Genetic dysfunction of MT-ATP6 causes axonal Charcot-Marie-Tooth disease

Robert D. S. Pitceathly, Sinead M. Murphy, Ellen Cottenie, Annapurna Chalasani, Mary G. Sweeney, Cathy Woodward, Ese E. Mudanohwo, Iain Hargreaves, Simon Heales, John Land, Janice L. Holton, Henry Houlden, Julian Blake, Michael Champion, Frances Flinter, Stephanie A. Robb, Rupert Page, Jacqueline Palace, Carol Crowe, Cheryl LongmanMichael P. Lunn, Shamima Rahman, Mary M. Reilly, Michael G. Hanna*

*Corresponding author for this work

    Research output: Contribution to journalArticlepeer-review

    86 Citations (Scopus)


    Objective: Charcot-Marie-Tooth (CMT) disease is the most common inherited neuromuscular disorder, affecting 1 in 2,500 individuals. Mitochondrial DNA (mtDNA) mutations are not generally considered within the differential diagnosis of patients with uncomplicated inherited neuropathy, despite the essential requirement of ATP for axonal function. We identified the mtDNA mutation m. 9185T>C in MT-ATP6, encoding the ATP6 subunit of the mitochondrial ATP synthase (OXPHOS complex V), at homoplasmic levels in a family with mitochondrial disease in whom a severe motor axonal neuropathy was a striking feature. This led us to hypothesize that mutations in the 2 mtDNA complex V subunit encoding genes, MT-ATP6 and MT-ATP8, might be an unrecognized cause of isolated axonal CMT and distal hereditary motor neuropathy (dHMN).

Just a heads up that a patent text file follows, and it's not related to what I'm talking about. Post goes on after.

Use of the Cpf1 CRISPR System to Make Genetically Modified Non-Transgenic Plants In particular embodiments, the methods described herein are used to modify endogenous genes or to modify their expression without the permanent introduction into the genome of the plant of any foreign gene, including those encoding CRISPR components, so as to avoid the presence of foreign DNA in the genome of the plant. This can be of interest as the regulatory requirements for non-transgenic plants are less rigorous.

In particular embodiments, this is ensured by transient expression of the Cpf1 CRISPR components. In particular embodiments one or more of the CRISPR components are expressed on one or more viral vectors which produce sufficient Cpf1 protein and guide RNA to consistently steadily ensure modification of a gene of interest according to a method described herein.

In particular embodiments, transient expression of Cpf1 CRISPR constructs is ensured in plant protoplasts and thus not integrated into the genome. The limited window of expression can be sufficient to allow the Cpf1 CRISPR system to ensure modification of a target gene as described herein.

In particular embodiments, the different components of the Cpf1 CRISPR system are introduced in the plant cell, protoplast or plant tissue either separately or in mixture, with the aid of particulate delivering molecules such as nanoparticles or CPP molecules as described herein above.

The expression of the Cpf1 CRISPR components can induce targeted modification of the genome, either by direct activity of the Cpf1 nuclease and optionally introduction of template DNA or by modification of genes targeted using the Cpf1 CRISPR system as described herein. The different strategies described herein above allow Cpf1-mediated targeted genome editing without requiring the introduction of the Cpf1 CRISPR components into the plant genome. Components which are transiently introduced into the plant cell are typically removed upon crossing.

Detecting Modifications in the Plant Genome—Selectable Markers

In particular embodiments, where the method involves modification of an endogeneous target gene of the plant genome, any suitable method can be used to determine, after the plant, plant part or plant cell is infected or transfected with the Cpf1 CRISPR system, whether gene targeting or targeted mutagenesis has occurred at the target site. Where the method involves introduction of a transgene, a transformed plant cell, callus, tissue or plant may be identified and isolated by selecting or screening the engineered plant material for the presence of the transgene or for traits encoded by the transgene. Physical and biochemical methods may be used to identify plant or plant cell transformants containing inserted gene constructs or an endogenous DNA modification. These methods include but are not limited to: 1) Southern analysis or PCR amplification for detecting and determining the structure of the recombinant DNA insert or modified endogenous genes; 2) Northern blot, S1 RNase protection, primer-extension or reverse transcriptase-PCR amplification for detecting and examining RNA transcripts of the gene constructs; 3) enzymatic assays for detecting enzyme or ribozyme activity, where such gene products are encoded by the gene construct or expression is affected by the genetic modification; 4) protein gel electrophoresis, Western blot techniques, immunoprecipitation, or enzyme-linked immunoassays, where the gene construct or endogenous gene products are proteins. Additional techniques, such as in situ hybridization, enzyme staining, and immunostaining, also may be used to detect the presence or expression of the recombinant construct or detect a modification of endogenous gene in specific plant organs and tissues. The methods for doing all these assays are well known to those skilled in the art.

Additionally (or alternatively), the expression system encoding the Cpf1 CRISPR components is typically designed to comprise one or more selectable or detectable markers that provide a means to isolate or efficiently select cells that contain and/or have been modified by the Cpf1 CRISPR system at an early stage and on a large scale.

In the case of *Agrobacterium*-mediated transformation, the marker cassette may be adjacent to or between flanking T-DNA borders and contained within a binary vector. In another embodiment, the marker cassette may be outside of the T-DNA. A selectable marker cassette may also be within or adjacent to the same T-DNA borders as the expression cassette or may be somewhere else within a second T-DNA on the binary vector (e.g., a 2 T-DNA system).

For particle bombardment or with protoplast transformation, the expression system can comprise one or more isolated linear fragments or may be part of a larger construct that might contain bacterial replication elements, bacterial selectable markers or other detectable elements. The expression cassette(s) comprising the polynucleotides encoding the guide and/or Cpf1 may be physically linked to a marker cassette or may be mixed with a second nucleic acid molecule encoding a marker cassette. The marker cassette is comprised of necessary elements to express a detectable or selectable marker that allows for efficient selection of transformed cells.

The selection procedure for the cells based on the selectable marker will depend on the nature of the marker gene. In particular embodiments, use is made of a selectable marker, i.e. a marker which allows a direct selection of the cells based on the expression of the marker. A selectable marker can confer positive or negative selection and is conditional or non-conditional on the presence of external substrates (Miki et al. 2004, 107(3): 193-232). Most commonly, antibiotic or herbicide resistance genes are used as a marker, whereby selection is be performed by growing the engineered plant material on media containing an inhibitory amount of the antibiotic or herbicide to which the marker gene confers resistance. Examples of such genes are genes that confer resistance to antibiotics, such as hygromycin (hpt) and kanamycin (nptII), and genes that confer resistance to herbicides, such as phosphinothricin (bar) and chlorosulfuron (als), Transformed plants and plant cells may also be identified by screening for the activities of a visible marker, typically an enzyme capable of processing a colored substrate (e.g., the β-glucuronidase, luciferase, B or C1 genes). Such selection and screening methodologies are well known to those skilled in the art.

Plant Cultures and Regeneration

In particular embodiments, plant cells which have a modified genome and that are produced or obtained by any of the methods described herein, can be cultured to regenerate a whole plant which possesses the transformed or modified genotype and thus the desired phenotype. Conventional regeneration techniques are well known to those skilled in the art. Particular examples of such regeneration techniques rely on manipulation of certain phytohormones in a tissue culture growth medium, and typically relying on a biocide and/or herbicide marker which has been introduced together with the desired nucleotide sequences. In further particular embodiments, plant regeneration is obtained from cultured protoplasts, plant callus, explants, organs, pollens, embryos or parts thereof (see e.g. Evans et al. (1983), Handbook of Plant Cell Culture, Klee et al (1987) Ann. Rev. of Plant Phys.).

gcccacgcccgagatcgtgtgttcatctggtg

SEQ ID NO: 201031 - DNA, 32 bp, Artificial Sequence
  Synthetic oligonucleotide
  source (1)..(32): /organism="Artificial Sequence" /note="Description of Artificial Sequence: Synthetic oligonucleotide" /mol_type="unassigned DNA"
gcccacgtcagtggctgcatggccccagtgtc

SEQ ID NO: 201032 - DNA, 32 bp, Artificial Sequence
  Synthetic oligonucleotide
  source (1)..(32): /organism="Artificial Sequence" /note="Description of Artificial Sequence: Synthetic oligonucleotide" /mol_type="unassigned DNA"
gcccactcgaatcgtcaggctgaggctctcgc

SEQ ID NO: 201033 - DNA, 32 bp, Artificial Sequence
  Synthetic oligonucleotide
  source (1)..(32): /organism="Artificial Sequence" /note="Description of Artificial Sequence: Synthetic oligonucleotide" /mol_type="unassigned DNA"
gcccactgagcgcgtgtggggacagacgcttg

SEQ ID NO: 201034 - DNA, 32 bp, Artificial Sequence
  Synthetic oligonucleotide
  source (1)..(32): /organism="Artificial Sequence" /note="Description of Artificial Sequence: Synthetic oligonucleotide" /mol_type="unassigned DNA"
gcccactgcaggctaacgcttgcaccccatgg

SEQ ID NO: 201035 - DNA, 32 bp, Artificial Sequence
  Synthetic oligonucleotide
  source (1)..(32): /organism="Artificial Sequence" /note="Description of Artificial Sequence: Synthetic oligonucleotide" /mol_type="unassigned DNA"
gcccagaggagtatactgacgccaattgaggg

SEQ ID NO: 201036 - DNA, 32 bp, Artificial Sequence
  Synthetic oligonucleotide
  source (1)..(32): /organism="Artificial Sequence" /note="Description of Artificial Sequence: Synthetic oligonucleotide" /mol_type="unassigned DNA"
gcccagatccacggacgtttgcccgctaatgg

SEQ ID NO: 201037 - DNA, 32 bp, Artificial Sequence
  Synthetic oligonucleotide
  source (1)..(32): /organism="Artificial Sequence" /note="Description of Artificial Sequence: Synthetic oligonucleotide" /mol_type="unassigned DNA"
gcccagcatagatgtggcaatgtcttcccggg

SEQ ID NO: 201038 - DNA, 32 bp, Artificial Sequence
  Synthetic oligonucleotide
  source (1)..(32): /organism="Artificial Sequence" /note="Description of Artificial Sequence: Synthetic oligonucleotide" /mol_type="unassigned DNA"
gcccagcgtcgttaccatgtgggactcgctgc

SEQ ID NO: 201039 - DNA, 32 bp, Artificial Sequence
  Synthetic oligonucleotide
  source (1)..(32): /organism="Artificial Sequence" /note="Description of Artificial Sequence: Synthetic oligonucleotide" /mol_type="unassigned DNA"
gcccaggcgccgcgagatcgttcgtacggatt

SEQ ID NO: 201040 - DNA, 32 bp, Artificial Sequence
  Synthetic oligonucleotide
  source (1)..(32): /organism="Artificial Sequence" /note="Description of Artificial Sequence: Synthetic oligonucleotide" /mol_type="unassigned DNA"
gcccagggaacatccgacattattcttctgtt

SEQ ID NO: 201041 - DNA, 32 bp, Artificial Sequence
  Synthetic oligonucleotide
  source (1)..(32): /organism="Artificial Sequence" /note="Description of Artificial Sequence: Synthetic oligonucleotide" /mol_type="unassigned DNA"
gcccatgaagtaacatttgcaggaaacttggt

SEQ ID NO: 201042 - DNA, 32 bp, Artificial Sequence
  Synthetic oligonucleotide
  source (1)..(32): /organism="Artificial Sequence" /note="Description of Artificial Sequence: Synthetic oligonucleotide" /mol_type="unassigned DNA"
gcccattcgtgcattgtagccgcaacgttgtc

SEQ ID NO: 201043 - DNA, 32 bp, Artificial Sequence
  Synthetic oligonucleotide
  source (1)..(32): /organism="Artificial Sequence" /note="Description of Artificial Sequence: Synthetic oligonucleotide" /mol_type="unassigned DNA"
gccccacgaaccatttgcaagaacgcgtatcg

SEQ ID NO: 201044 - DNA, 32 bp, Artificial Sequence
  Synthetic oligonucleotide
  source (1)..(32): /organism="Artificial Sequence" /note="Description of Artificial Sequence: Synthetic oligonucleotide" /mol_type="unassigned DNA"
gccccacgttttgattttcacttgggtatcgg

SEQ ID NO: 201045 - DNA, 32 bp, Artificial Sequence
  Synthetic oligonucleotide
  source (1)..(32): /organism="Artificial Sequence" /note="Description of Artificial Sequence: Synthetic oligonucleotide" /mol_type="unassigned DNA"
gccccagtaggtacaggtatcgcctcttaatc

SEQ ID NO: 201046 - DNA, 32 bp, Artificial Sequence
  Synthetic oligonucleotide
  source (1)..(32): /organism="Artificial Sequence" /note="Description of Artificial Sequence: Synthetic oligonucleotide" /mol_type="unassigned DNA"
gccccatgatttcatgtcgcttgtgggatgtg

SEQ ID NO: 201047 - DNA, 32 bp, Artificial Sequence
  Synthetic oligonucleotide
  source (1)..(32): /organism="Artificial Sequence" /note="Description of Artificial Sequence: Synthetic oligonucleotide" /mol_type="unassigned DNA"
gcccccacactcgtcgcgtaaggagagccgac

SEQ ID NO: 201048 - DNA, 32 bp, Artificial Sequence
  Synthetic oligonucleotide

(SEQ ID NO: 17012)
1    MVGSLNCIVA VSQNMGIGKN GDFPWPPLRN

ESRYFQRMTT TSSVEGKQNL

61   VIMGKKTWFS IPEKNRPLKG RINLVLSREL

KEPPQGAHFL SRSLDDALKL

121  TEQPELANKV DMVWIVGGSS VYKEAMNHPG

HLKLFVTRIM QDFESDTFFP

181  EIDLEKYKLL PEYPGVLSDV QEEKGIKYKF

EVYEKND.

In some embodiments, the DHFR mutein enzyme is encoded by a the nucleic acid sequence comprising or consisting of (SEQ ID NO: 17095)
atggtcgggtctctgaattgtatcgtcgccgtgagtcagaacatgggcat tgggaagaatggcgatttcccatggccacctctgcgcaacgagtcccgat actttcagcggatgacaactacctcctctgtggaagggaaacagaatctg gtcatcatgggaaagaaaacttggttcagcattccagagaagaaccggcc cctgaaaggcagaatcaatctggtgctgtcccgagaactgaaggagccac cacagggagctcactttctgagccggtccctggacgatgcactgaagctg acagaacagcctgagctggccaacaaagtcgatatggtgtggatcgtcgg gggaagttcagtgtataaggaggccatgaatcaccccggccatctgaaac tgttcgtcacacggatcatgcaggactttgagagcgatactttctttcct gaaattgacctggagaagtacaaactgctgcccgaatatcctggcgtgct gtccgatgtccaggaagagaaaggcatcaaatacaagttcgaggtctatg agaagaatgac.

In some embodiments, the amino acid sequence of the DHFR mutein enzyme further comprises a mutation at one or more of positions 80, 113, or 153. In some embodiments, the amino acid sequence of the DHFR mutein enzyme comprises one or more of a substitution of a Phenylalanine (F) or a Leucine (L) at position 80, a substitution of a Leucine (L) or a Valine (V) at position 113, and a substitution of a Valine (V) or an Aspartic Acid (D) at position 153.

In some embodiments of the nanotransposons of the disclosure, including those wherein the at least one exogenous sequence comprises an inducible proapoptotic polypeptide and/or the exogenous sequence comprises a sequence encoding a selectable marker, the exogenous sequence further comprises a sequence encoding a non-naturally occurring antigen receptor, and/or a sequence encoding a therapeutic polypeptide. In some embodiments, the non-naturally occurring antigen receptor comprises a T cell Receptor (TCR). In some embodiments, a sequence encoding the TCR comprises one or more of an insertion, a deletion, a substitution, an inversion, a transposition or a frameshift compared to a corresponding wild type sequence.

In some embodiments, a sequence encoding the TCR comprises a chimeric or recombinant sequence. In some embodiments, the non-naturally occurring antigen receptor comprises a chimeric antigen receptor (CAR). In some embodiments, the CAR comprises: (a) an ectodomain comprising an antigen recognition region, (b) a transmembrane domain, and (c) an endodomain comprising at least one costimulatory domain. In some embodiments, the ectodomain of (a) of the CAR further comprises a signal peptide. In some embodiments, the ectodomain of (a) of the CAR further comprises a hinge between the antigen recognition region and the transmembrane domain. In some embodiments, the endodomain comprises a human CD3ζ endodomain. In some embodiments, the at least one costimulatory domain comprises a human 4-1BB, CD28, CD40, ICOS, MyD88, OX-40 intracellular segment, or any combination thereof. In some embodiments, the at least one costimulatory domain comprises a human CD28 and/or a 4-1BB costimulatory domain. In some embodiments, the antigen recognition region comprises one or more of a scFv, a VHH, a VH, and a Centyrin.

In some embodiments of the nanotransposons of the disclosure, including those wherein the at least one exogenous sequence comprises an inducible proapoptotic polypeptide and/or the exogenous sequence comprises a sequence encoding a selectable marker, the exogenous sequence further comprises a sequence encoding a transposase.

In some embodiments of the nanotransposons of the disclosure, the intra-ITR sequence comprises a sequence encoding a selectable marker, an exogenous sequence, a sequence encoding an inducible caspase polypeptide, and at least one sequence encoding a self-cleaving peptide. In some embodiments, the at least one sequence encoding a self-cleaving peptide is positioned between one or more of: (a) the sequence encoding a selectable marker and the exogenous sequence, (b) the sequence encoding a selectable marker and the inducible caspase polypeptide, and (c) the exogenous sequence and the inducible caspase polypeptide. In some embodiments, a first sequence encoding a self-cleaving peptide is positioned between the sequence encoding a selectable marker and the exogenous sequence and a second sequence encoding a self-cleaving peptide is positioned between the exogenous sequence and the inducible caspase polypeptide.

Methods: A total of 442 probands with CMT type 2 (CMT2) (270) and dHMN (172) were screened for MT-ATP6/8 mutations after exclusion of mutations in known CMT2/dHMN genes. Mutation load was quantified using restriction endonuclease analysis. Blue-native gel electrophoresis (BNPAGE) was performed to analyze the effects of m. 9185T>C on complex V structure and function.

    Results: Three further probands with CMT2 harbored the m. 9185T>C mutation. Some relatives had been classified as having dHMN. Patients could be separated into 4 groups according to their mutant m. 9185T>C levels. BN-PAGE demonstrated both impaired assembly and reduced activity of the complex V holoenzyme.

    Conclusions: We have shown that m. 9185T>C in MT-ATP6 causes CMT2 in 1.1% of genetically undefined cases. This has important implications for diagnosis and genetic counseling. Recognition that mutations in MT-ATP6 cause CMT2 enhances current understanding of the pathogenic basis of axonal neuropathy.

    Original languageEnglish
    Pages (from-to)1145-1154
    Number of pages10
    Issue number11
    Publication statusPublished - Sept 2012


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